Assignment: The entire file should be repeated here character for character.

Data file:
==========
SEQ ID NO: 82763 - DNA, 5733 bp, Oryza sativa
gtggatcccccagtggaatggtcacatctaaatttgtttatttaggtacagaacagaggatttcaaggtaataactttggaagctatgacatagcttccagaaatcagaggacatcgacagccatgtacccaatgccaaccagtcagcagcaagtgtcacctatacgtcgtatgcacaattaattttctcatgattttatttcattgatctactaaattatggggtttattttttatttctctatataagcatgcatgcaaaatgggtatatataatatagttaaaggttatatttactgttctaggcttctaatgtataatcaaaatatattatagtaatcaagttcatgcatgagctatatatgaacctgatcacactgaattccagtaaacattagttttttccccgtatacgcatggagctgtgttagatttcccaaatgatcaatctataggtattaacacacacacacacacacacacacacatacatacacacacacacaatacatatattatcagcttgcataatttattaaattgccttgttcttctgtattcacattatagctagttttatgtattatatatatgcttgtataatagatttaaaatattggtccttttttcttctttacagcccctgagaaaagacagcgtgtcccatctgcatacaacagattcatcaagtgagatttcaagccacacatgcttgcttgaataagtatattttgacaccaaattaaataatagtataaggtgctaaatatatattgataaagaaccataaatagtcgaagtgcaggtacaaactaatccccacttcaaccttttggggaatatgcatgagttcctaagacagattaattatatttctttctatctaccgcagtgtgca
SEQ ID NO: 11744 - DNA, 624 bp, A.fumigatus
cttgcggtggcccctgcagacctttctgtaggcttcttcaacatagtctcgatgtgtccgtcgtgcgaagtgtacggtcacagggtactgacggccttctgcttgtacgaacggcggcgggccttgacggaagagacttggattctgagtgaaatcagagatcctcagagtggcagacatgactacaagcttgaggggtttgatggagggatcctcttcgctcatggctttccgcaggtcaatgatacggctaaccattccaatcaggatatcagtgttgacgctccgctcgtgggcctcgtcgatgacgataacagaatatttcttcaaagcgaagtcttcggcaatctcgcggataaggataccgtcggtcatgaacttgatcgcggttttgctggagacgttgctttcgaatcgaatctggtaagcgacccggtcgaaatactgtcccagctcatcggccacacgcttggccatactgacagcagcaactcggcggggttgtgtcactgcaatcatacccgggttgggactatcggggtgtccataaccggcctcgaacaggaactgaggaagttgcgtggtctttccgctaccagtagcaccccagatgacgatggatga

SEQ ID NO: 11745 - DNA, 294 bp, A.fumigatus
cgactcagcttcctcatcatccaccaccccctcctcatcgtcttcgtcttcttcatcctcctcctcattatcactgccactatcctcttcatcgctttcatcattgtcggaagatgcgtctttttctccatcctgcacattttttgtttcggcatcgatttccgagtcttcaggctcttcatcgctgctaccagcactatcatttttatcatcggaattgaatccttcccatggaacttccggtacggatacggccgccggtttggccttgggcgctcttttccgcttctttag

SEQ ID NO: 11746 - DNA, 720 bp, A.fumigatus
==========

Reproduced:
SEQ ID NO: 82763 - DNA, 5733 bp, Oryza sativa
gtggatcccccagtggaatggtcacatctaaatttgtttatttaggtacagaacagaggatttcaaggtaataactttggaagctatgacatagcttccagaaatcagaggacatcgacagccatgtacccaatgccaaccagtcagcagcaagtgtcacctatacgtcgtatgcacaattaattttctcatgattttatttcattgatctactaaattatggggtttattttttatttctctatataagcatgcatgcaaaatgggtatatataatatagttaaaggttatatttactgttctaggcttctaatgtataatcaaaatatattatagtaatcaagttcatgcatgagctatatatgaacctgatcacactgaattccagtaaacattagttttttccccgtatacgcatggagctgtgttagatttcccaaatgatcaatctataggtattaacacacacacacacacacacacacacatacatacacacacacacaatacatatattatcagcttgcataatttattaaattgccttgttcttctgtattcacattatagctagttttatgtattatatatatgcttgtataatagatttaaaatattggtccttttttcttctttacagcccctgagaaaagacagcgtgtcccatctgcatacaacagattcatcaagtgagatttcaagccacacatgcttgcttgaataagtatattttgacaccaaattaaataatagtataaggtgctaaatatatattgataaagaaccataaatagtcgaagtgcaggtacaaactaatccccacttcaaccttttggggaatatgcatgagttcctaagacagattaattatatttctttctatctaccgcagtgtgca
SEQ ID NO: 11744 - DNA, 624 bp, A.fumigatus
cttgcggtggcccctgcagacctttctgtaggcttcttcaacatagtctcgatgtgtccgtcgtgcgaagtgtacggtcacagggtactgacggccttctgcttgtacgaacggcggcgggccttgacggaagagacttggattctgagtgaaatcagagatcctcagagtggcagacatgactacaagcttgaggggtttgatggagggatcctcttcgctcatggctttccgcaggtcaatgatacggctaaccattccaatcaggatatcagtgttgacgctccgctcgtgggcctcgtcgatgacgataacagaatatttcttcaaagcgaagtcttcggcaatctcgcggataaggataccgtcggtcatgaacttgatcgcggttttgctggagacgttgctttcgaatcgaatctggtaagcgacccggtcgaaatactgtcccagctcatcggccacacgcttggccatactgacagcagcaactcggcggggttgtgtcactgcaatcatacccgggttgggactatcggggtgtccataaccggcctcgaacaggaactgaggaagttgcgtggtctttccgctaccagtagcaccccagatgacgatggatga

SEQ ID NO: 11745 - DNA, 294 bp, A.fumigatus
cgactcagcttcctcatcatccaccaccccctcctcatcgtcttcgtcttcttcatcctcctcctcattatcactgccactatcctcttcatcgctttcatcattgtcggaagatgcgtctttttctccatcctgcacattttttgtttcggcatcgatttccgagtcttcaggctcttcatcgctgctaccagcactatcatttttatcatcggaattgaatccttcccatggaacttccggtacggatacggccgccggtttggccttgggcgctcttttccgcttctttag

SEQ ID NO: 11746 - DNA, 720 bp, A.fumigatus